Few, if any, adhere and employ international standards mandated by the rules governing the world of Out-of-Home advertising like Antonio Vincenti, Chairman & CEO of Pikasso. ArabAd caught up with him upon his return from Barcelona where he completed his two-year term as President of the Federation of Outdoor Advertising (FEPE) at the highly successful annual congress. Following, is an eye-opening interview, which outlines the future of what he believes is a medium laden with tremendous promise and innovation.
Out-of-Home advertising is projected to grow in the coming years, especially digital. What’s your stance and what about Lebanon?
Based on data, the traditional advertising medium is showing the most growth, with 5% predicted for the years leading up to 2018 with Out-of-Home trailing followed by TV, with 2.8% predicted for the same period. The reason for this is clear – OOH is the only traditional medium that has managed to incorporate today’s digital technologies and to apply them.
DOOH’s share of global OOH revenue stands at 32% of total spend, which by 2020 is forecast to reach 40%. In some markets, it has already reached 50%. Having said that, there will always continue to be an important role for static Out-of-Home advertising that ensures reach by delivering wide national coverage in all countries and geographies.
As for Lebanon, it’s been adopted well here. Pikasso’s revenue is currently 20% digital and by 2020, we too, will reach that same globally forecast level of 40%.
But being digital isn’t simply about having a screen on a street. DOOH is above and beyond this – it offers all the possibilities of engagement.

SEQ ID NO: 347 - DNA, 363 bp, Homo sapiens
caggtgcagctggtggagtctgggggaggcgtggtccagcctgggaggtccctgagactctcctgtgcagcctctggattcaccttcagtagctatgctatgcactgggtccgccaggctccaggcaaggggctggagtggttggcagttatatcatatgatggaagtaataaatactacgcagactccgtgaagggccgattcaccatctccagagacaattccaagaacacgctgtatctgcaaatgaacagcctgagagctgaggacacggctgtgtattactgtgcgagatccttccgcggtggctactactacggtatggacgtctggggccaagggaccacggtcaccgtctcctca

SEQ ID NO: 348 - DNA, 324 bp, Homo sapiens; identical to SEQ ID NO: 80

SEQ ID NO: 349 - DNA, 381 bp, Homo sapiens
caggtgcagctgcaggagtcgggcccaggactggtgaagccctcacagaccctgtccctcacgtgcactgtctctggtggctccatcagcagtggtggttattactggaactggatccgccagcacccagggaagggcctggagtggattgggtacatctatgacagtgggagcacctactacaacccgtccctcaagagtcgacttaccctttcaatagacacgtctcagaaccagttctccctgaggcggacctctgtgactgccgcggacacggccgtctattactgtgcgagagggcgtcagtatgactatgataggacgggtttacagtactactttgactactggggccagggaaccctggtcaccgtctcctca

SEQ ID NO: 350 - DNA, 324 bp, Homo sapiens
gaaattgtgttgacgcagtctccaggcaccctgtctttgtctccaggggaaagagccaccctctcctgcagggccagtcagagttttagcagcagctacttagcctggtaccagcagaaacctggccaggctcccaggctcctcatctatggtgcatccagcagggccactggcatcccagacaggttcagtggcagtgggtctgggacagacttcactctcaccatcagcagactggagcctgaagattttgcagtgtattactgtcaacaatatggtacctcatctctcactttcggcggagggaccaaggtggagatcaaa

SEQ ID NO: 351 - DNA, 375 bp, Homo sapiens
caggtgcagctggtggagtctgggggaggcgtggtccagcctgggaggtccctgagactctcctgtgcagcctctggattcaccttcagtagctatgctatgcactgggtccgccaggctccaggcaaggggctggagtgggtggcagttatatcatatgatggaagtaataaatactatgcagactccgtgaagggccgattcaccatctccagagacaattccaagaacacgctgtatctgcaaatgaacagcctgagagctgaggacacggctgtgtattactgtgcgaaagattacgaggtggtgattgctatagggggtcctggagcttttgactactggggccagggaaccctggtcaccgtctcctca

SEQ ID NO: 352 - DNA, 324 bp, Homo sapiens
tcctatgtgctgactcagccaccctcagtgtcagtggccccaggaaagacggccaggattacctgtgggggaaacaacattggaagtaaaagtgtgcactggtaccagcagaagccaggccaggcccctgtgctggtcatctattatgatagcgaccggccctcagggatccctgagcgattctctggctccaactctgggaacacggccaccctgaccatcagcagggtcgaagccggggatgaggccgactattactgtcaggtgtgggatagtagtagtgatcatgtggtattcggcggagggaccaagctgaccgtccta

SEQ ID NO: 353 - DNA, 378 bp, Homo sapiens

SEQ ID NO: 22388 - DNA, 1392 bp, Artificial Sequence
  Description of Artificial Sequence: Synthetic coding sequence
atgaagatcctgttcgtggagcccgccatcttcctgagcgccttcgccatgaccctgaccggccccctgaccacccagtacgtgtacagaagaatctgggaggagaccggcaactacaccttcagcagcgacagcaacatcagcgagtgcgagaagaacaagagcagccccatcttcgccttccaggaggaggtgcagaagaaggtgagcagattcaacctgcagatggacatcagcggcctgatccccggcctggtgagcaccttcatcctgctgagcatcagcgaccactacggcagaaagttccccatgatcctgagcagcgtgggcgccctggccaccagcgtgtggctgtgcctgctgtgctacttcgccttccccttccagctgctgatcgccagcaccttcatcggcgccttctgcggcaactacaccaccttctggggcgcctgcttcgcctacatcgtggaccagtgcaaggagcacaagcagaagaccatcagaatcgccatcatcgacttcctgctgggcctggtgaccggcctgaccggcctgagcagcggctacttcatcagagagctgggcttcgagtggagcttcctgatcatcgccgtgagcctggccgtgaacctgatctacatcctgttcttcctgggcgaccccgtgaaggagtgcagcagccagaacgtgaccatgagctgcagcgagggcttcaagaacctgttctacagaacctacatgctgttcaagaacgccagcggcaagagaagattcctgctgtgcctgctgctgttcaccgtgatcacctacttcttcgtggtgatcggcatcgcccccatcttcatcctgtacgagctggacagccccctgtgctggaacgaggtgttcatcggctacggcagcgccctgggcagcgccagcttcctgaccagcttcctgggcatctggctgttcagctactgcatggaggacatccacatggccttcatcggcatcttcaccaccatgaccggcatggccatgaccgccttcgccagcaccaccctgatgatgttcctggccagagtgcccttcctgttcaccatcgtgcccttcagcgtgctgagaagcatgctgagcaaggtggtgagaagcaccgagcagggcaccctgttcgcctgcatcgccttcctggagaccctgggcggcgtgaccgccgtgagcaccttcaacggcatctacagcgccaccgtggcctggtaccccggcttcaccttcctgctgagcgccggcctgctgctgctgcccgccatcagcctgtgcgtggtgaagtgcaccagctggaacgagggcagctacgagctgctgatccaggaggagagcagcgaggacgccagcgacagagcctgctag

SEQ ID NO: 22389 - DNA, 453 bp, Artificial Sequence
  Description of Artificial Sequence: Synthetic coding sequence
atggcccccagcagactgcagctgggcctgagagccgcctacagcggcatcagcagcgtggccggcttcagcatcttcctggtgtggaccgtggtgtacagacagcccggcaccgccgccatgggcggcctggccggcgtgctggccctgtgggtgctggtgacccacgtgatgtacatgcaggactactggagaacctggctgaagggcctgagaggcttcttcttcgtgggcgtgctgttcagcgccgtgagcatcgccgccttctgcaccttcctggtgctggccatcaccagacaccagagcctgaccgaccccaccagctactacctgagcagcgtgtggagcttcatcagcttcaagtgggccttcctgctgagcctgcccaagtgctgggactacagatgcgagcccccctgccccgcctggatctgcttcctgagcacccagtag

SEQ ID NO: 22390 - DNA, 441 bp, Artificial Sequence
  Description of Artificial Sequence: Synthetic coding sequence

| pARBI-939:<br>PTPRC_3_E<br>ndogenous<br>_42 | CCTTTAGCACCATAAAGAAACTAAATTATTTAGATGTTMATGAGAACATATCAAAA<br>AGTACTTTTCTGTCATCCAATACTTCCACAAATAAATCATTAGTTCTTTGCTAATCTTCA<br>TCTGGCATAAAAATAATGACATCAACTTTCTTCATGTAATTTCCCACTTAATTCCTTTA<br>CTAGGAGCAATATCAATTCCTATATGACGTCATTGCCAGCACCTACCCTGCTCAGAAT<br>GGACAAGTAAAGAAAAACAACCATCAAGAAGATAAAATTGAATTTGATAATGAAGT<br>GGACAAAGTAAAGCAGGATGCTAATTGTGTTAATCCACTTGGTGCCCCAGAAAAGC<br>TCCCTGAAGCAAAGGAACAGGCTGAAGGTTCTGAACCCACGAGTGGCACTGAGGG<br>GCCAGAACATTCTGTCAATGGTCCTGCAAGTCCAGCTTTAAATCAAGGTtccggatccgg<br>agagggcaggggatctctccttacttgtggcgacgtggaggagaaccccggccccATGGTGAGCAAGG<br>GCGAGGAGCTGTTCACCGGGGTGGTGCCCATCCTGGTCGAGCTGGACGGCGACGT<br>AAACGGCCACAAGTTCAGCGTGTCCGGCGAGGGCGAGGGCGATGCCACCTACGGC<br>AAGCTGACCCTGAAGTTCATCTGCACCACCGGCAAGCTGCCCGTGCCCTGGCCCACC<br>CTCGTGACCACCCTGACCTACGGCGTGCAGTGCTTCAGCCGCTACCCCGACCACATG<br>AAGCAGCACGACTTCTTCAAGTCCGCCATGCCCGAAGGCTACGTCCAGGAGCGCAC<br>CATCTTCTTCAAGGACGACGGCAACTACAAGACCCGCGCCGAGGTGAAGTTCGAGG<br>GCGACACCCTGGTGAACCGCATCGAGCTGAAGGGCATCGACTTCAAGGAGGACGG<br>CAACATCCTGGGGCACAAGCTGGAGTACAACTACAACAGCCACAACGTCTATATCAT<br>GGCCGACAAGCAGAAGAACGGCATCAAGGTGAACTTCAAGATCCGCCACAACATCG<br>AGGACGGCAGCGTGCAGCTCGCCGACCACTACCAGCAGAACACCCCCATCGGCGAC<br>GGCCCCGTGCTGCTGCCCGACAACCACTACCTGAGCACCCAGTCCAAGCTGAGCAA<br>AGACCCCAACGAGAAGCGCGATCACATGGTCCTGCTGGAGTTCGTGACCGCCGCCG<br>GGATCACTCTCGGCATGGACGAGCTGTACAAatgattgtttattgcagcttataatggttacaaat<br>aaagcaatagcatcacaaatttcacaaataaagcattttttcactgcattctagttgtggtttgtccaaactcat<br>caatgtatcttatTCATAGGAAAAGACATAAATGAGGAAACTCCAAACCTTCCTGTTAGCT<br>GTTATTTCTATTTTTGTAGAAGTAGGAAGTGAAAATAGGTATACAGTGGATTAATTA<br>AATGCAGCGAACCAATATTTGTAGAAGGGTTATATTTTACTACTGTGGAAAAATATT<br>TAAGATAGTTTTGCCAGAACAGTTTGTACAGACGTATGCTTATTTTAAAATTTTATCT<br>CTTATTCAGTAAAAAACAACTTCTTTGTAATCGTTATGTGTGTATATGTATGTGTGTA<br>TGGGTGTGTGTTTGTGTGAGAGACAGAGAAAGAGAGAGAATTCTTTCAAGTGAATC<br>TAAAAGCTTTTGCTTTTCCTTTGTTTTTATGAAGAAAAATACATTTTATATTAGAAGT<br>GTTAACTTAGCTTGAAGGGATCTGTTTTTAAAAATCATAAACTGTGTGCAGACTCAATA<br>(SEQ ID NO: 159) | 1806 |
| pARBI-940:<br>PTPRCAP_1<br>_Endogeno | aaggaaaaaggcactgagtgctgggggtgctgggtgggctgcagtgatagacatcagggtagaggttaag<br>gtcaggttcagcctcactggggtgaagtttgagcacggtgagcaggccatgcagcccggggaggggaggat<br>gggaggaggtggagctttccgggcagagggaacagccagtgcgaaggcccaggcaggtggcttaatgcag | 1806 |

There are two key words in the DOOH space; firstly – engagement. Digital exists to offer a wide range of engagement possibilities through NFC and QR Codes; Beacons; Virtual and Augmented Reality. Secondly, it offers relevance through real-time campaigns that are contextual. What is important today is to convey relevant and contextual messages in real-time. OOH has successfully evolved beyond a one-way method of communication.
Today, Digital Out-of-Home is the only medium that can deliver in real time and even within a few seconds, a large broadcast for a campaign. So far we’ve had a number of relevant and contextual campaigns in Lebanon, such as the first weather-activated campaign for Dunlop tires that was displayed for the first five days of rain in Fall 2012.
I am eagerly waiting for Lebanese creatives and clients to unleash their imaginative potential and looking forward to having buzz around a new digital campaign every week.
At Pikasso, we have invested massively in our digital rollout and by the end of this year, will have 35 Large Format LEDs in the streets. We have a dedicated control room monitoring our LEDs and the capability to broadcast campaigns immediately.
Thanks to real-time broadcast campaigns, OOH touches people on the move. All the research shows that OOH, particularly DOOH, drives online sales, which is why DOOH is the media of the future.
Many advertisers speak of the exorbitant rate of OOH media driving some to use social media instead. How are you dealing with this matter?
I disagree that is the case. The rates for Out-of-Home in Lebanon are extremely low and for this reason there’s no barrier to entry in this field. Anyone can install a billboard and you’ll still find agencies and clients happy to buy them.
I think we are at Third World levels in terms of rates. And, compared to other markets where our group is present, their rates range between two and four-times as much as the price of Lebanon for equivalent locations or formats.
It’s not for me to comment and wouldn’t want to tread on the toes of other media by criticising them. We all know that if a client is hoping to reach and engage the intended target audience, every successful brand’s media plan must be inclusive of all channels.
I’ve just returned from the annual FEPE World Congress in Barcelona. The title of this year’s conference was ‘The Road Ahead’. A key topic, and one where we had several speakers, was that of online advertising.